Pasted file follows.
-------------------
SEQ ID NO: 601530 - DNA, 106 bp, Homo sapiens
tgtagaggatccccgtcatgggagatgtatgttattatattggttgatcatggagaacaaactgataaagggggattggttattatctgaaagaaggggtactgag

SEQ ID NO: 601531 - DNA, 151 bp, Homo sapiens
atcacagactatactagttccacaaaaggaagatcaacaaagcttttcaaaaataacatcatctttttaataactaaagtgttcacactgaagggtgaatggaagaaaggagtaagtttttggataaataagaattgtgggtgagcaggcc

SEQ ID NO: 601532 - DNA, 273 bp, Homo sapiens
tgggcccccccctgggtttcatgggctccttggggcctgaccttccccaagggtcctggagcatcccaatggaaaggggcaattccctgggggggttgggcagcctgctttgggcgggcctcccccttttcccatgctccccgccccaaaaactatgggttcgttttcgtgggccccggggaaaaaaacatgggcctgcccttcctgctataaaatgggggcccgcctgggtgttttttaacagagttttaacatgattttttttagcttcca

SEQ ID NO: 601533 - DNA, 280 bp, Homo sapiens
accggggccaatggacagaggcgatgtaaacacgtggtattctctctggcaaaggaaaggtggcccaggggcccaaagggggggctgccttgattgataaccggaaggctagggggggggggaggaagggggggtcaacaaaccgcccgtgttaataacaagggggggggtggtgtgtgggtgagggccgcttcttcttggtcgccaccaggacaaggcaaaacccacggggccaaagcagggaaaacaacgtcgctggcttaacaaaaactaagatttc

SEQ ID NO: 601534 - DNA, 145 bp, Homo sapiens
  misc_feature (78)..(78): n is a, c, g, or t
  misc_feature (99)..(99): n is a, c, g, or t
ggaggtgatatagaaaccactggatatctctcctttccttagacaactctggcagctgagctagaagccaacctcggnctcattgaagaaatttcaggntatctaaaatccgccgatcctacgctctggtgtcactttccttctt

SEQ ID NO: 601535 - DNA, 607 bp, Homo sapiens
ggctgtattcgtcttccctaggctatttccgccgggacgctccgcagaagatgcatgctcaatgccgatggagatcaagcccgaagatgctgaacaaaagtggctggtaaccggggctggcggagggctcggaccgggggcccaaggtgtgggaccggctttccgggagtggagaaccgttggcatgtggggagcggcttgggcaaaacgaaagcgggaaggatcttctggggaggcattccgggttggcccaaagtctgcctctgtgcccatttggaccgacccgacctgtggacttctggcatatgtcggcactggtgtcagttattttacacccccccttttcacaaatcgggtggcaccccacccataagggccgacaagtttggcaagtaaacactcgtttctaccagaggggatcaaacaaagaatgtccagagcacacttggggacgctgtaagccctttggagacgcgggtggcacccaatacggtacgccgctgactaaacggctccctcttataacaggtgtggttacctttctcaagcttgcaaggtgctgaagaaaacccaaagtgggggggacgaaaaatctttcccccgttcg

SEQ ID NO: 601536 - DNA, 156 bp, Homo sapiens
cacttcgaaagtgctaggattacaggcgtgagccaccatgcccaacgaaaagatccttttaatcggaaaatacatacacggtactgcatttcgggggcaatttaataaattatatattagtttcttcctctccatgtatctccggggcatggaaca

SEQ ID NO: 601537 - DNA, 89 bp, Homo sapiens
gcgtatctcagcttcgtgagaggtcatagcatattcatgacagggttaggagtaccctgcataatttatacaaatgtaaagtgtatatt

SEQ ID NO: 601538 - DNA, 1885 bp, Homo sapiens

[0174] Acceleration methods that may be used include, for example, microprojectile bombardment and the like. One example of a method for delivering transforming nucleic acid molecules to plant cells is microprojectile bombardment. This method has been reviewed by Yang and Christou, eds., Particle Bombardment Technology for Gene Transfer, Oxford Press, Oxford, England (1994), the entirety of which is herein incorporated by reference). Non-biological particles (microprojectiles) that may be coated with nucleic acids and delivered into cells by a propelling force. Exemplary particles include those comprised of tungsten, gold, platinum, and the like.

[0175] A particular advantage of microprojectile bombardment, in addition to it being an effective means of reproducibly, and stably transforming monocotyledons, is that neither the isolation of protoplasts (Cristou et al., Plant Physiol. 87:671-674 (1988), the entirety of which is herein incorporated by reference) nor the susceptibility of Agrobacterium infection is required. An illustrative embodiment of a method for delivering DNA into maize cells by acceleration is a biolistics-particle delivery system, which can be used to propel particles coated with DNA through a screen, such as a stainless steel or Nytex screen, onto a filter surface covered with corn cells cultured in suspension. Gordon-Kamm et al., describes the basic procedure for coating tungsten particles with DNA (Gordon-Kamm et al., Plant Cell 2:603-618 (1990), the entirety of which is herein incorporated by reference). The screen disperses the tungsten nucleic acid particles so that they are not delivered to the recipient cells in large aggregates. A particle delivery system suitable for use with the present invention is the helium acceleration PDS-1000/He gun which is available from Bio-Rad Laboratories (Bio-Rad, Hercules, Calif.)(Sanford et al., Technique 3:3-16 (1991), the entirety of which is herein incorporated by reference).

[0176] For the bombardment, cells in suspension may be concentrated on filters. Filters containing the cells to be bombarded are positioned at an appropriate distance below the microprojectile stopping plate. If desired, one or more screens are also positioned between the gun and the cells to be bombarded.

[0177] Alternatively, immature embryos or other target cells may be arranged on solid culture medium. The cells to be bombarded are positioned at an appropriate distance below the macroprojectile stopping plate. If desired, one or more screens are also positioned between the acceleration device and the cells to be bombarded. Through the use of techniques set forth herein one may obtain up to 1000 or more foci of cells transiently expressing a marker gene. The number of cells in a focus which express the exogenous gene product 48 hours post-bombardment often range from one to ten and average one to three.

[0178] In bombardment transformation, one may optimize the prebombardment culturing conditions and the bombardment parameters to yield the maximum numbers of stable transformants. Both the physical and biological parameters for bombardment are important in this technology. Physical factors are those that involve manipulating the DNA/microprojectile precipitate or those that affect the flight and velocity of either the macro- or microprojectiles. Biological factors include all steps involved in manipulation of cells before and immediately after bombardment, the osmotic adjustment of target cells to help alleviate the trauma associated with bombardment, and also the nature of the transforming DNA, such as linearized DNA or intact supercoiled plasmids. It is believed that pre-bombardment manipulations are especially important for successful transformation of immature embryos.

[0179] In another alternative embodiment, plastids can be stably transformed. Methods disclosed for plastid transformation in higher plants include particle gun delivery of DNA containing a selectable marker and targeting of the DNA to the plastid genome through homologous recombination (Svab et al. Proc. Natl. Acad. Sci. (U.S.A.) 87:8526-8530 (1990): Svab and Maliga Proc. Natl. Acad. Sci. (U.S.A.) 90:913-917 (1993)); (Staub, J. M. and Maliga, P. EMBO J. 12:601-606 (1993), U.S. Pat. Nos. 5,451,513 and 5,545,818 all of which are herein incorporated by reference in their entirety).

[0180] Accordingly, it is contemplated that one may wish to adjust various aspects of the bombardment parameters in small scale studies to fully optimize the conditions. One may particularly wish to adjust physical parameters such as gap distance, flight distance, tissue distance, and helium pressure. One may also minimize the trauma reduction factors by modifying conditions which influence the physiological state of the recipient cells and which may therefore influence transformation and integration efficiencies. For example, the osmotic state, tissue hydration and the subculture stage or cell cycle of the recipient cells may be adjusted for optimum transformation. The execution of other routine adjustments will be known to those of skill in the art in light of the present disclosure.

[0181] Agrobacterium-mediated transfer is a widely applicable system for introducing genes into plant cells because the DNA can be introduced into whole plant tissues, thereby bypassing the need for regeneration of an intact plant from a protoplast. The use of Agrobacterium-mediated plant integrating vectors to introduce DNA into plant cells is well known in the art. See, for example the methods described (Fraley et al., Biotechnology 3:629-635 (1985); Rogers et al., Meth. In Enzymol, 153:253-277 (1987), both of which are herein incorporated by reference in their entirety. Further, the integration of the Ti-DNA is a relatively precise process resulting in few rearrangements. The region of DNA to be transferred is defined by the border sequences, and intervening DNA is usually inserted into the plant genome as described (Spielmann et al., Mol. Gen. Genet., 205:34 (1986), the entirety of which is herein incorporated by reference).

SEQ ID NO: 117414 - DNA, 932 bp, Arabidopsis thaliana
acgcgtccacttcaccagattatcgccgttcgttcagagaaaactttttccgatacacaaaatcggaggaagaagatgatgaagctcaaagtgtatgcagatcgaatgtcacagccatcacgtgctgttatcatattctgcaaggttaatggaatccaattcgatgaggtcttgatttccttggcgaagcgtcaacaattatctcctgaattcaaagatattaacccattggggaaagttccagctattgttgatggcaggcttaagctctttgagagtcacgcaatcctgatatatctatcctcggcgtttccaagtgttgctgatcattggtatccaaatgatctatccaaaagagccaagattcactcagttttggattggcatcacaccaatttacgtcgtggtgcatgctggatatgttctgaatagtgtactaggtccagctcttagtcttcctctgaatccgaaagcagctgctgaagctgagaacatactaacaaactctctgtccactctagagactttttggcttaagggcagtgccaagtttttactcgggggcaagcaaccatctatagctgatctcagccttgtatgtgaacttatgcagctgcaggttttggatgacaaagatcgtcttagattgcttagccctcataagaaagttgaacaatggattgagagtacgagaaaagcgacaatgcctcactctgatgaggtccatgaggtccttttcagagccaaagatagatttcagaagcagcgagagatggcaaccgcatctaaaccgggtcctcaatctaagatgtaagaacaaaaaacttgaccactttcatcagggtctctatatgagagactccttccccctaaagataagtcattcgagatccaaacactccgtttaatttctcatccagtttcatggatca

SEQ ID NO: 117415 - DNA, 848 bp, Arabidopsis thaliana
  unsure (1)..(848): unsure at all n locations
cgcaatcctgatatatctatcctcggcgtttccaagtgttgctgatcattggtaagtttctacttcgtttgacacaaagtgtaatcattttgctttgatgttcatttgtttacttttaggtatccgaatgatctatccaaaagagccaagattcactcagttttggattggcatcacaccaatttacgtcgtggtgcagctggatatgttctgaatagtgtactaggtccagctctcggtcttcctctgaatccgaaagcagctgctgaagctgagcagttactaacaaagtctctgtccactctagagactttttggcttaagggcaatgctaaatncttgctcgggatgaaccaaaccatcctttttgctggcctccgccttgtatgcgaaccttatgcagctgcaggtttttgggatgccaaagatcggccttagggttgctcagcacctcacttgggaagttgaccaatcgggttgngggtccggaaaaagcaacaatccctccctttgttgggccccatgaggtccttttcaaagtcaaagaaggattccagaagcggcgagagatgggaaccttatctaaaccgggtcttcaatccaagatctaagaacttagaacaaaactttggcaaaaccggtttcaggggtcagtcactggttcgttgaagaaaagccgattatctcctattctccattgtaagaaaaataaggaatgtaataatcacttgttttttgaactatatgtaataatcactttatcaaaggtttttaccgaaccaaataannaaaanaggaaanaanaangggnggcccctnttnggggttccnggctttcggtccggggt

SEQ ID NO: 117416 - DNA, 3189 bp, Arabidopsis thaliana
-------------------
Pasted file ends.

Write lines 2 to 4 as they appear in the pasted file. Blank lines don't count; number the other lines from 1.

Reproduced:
tgtagaggatccccgtcatgggagatgtatgttattatattggttgatcatggagaacaaactgataaagggggattggttattatctgaaagaaggggtactgag

SEQ ID NO: 601531 - DNA, 151 bp, Homo sapiens
atcacagactatactagttccacaaaaggaagatcaacaaagcttttcaaaaataacatcatctttttaataactaaagtgttcacactgaagggtgaatggaagaaaggagtaagtttttggataaataagaattgtgggtgagcaggcc